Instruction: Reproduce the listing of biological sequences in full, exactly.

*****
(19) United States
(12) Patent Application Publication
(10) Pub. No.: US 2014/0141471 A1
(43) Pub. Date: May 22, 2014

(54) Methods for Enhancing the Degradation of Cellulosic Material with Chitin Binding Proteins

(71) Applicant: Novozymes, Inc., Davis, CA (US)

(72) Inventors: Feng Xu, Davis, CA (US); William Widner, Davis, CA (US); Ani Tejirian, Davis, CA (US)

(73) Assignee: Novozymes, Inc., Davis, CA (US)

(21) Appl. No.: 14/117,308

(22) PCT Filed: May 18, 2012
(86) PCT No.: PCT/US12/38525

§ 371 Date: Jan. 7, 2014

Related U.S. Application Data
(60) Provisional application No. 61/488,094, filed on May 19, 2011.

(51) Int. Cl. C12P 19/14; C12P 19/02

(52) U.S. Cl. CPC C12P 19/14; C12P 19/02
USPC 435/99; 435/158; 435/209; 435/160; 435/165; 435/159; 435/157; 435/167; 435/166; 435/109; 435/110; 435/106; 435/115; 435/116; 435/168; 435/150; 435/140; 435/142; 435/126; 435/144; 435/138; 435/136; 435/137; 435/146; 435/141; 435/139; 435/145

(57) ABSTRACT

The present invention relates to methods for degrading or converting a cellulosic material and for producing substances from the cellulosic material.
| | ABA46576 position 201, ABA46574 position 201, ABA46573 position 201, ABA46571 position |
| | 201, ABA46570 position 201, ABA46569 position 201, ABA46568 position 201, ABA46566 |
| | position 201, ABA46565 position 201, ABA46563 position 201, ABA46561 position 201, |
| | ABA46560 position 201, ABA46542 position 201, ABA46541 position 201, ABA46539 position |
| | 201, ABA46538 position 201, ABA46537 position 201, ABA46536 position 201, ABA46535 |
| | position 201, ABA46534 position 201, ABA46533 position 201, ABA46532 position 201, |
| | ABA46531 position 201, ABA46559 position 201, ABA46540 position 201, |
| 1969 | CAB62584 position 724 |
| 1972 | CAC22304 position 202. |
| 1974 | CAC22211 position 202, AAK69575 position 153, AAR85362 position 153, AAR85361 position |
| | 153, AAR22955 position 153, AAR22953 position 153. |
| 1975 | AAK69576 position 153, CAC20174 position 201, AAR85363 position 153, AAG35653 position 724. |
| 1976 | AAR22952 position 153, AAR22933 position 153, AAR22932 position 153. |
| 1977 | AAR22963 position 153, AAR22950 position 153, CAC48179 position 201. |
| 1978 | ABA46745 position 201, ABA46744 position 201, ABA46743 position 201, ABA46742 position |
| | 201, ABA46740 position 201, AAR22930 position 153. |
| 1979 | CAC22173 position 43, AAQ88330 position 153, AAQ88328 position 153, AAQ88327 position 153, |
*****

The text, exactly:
(19) United States
(12) Patent Application Publication
(10) Pub. No.: US 2014/0141471 A1
(43) Pub. Date: May 22, 2014

(54) Methods for Enhancing the Degradation of Cellulosic Material with Chitin Binding Proteins

(71) Applicant: Novozymes, Inc., Davis, CA (US)

(72) Inventors: Feng Xu, Davis, CA (US); William Widner, Davis, CA (US); Ani Tejirian, Davis, CA (US)

(73) Assignee: Novozymes, Inc., Davis, CA (US)

(21) Appl. No.: 14/117,308

(22) PCT Filed: May 18, 2012
(86) PCT No.: PCT/US12/38525

§ 371 Date: Jan. 7, 2014

Related U.S. Application Data
(60) Provisional application No. 61/488,094, filed on May 19, 2011.

(51) Int. Cl. C12P 19/14; C12P 19/02

(52) U.S. Cl. CPC C12P 19/14; C12P 19/02
USPC 435/99; 435/158; 435/209; 435/160; 435/165; 435/159; 435/157; 435/167; 435/166; 435/109; 435/110; 435/106; 435/115; 435/116; 435/168; 435/150; 435/140; 435/142; 435/126; 435/144; 435/138; 435/136; 435/137; 435/146; 435/141; 435/139; 435/145

(57) ABSTRACT

The present invention relates to methods for degrading or converting a cellulosic material and for producing substances from the cellulosic material.
| | ABA46576 position 201, ABA46574 position 201, ABA46573 position 201, ABA46571 position |
| | 201, ABA46570 position 201, ABA46569 position 201, ABA46568 position 201, ABA46566 |
| | position 201, ABA46565 position 201, ABA46563 position 201, ABA46561 position 201, |
| | ABA46560 position 201, ABA46542 position 201, ABA46541 position 201, ABA46539 position |
| | 201, ABA46538 position 201, ABA46537 position 201, ABA46536 position 201, ABA46535 |
| | position 201, ABA46534 position 201, ABA46533 position 201, ABA46532 position 201, |
| | ABA46531 position 201, ABA46559 position 201, ABA46540 position 201, |
| 1969 | CAB62584 position 724 |
| 1972 | CAC22304 position 202. |
| 1974 | CAC22211 position 202, AAK69575 position 153, AAR85362 position 153, AAR85361 position |
| | 153, AAR22955 position 153, AAR22953 position 153. |
| 1975 | AAK69576 position 153, CAC20174 position 201, AAR85363 position 153, AAG35653 position 724. |
| 1976 | AAR22952 position 153, AAR22933 position 153, AAR22932 position 153. |
| 1977 | AAR22963 position 153, AAR22950 position 153, CAC48179 position 201. |
| 1978 | ABA46745 position 201, ABA46744 position 201, ABA46743 position 201, ABA46742 position |
| | 201, ABA46740 position 201, AAR22930 position 153. |
| 1979 | CAC22173 position 43, AAQ88330 position 153, AAQ88328 position 153, AAQ88327 position 153, |